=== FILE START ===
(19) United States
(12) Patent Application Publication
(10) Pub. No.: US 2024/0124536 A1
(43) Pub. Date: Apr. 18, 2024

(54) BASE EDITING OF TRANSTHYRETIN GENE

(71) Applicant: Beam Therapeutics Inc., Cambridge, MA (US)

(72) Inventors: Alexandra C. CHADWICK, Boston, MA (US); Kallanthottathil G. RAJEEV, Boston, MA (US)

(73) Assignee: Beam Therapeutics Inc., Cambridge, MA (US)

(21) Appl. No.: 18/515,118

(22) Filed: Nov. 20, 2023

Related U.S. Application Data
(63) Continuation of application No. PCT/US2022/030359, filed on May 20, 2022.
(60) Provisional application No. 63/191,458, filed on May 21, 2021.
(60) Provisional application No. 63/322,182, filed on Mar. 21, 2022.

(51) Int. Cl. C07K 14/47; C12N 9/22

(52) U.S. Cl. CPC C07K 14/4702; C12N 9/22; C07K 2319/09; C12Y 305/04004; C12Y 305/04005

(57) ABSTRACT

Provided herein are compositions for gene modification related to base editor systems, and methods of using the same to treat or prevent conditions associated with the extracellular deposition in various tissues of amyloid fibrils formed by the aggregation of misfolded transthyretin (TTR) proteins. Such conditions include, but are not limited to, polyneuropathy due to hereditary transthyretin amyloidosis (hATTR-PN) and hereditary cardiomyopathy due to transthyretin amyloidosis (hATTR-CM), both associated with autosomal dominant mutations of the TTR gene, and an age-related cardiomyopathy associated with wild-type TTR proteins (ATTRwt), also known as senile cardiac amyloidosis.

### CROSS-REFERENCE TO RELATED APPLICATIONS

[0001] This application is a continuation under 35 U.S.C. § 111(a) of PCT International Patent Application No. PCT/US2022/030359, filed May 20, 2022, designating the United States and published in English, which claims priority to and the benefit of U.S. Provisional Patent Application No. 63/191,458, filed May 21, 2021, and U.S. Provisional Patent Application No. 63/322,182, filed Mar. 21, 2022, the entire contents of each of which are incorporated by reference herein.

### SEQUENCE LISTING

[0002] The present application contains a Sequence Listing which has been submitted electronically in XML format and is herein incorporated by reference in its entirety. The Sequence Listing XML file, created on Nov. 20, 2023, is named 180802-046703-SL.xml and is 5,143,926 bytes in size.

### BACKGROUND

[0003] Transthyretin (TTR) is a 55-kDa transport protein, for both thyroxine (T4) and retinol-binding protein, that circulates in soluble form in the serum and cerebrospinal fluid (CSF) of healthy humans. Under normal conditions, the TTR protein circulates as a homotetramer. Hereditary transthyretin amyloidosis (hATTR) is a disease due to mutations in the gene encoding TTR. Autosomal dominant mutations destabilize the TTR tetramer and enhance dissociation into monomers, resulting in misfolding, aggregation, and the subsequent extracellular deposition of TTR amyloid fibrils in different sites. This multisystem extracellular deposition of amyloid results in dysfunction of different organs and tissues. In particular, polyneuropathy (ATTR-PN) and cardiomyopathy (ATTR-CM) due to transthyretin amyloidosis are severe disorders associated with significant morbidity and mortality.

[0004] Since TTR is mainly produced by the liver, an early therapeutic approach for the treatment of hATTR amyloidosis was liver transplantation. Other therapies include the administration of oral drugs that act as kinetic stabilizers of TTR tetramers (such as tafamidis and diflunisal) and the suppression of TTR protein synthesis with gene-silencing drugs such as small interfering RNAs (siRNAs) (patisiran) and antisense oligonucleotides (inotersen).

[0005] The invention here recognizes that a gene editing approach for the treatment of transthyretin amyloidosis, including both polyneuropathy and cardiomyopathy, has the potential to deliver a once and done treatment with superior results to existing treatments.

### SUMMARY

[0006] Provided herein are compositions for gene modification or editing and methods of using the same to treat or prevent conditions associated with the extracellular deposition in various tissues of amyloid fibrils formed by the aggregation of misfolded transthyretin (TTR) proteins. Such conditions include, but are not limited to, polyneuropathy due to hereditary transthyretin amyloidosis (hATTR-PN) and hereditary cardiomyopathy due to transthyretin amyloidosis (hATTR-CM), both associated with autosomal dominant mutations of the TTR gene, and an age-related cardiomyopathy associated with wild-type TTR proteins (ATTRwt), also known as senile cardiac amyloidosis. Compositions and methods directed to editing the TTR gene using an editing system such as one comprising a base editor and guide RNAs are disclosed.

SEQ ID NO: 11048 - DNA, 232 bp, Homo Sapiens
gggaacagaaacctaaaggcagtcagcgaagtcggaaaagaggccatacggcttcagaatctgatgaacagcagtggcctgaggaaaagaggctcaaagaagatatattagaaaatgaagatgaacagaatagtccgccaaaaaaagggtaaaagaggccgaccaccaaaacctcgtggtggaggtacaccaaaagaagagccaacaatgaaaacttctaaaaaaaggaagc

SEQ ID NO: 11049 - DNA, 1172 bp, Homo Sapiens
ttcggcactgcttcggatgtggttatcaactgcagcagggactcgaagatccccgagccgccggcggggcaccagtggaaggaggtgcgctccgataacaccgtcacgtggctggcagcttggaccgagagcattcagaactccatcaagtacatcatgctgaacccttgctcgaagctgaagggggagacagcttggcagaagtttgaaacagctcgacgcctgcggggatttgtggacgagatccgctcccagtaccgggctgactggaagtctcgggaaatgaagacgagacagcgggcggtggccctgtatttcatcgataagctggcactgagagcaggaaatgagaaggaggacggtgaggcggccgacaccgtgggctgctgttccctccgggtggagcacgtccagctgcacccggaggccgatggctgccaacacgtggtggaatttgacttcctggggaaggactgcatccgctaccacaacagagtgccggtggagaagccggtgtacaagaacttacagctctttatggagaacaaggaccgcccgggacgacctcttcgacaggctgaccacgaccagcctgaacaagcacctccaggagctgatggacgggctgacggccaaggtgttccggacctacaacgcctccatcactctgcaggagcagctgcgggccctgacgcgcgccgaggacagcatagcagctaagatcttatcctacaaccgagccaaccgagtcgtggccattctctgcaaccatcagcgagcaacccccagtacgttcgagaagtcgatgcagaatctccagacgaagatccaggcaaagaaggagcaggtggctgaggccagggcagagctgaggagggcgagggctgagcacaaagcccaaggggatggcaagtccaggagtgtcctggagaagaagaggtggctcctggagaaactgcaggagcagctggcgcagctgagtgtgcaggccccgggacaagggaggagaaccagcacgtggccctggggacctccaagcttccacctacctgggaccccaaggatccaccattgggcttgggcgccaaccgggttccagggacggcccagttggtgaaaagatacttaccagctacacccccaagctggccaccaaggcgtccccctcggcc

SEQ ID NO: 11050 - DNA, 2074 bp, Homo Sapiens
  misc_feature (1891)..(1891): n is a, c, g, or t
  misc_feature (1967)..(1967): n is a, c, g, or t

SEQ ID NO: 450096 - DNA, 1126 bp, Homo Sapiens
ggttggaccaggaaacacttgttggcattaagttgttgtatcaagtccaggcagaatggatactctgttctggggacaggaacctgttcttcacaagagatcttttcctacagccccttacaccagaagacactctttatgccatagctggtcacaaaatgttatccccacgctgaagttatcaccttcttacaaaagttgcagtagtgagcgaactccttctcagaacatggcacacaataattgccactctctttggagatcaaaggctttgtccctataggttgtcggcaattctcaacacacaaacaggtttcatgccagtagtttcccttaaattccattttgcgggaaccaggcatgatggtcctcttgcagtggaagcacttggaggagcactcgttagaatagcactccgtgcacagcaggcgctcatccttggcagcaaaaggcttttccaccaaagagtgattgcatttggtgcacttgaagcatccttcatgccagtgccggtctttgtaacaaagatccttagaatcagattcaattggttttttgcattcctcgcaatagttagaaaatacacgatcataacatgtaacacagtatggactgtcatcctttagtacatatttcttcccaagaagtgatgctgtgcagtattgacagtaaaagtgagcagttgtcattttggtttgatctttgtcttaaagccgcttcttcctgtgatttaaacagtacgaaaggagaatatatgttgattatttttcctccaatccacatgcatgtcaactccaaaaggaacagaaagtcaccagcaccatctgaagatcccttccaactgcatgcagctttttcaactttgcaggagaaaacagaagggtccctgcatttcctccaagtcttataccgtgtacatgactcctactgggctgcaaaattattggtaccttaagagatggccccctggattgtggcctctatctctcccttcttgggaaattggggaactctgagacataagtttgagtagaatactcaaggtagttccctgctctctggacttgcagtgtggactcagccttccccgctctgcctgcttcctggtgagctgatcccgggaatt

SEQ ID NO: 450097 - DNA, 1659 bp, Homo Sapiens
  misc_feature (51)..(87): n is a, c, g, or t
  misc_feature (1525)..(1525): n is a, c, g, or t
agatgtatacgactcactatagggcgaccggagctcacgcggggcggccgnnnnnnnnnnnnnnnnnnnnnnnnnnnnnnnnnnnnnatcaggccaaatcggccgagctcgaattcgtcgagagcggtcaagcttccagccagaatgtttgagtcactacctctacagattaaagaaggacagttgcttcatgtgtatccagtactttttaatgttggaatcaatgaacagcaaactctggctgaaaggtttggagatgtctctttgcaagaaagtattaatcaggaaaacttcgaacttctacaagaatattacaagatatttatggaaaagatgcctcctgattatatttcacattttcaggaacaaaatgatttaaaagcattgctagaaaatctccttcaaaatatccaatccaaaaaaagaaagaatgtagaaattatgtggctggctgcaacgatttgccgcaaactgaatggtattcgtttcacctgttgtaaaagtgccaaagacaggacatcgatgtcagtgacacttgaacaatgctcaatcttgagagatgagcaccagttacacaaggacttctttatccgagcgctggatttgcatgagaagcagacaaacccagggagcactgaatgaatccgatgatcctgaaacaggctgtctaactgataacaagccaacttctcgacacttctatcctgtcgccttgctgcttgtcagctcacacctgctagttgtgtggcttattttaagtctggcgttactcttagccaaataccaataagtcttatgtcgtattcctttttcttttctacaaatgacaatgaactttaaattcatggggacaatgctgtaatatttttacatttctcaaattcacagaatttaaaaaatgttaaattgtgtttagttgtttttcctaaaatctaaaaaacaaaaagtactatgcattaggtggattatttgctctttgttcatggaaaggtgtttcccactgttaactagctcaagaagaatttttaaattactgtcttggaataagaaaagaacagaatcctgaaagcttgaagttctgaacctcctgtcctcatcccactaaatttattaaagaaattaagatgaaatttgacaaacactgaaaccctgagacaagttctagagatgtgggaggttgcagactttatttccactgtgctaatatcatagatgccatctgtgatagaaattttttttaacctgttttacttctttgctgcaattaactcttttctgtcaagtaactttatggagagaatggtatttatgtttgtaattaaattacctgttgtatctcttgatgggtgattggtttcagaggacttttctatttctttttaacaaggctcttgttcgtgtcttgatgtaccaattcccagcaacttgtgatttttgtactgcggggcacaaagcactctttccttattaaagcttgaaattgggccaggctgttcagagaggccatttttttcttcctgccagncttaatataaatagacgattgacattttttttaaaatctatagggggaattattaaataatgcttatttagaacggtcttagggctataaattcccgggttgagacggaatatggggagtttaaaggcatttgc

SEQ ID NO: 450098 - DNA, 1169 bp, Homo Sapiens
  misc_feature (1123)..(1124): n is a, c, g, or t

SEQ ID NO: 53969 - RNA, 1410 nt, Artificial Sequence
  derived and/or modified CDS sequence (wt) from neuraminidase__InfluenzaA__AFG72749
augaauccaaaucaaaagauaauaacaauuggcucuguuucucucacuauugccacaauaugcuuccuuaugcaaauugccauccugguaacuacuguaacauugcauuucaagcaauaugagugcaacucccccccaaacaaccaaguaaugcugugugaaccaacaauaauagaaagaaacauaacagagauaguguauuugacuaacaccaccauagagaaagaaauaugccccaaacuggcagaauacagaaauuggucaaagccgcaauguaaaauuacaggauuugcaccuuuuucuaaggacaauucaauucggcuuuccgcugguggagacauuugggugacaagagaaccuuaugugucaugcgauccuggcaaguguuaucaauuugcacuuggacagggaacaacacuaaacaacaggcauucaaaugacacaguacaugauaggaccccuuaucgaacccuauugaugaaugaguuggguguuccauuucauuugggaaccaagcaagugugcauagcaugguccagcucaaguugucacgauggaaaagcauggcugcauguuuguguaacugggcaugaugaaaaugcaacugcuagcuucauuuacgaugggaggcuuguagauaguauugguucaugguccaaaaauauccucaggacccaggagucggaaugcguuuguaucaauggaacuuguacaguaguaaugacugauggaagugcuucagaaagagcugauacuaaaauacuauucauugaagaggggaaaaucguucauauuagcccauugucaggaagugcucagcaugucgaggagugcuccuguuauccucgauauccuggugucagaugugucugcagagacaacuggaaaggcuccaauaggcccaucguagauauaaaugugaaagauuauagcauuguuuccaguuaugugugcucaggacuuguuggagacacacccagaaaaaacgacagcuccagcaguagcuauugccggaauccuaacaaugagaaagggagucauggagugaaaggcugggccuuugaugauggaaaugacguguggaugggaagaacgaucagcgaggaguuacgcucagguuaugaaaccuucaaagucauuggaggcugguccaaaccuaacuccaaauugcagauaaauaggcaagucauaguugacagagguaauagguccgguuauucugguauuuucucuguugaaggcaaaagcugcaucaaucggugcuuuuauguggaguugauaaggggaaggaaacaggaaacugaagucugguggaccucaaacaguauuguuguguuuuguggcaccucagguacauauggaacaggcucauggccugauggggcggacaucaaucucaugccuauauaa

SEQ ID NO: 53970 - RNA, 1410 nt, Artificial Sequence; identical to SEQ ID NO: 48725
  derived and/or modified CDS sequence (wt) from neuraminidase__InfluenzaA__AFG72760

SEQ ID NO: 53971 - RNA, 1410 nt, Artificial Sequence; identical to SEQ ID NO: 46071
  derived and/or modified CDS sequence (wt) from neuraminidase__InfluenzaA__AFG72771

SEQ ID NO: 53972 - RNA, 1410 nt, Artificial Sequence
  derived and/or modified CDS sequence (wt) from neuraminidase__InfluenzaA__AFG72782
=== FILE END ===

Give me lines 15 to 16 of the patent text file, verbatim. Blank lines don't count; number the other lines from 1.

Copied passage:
(51) Int. Cl. C07K 14/47; C12N 9/22

(52) U.S. Cl. CPC C07K 14/4702; C12N 9/22; C07K 2319/09; C12Y 305/04004; C12Y 305/04005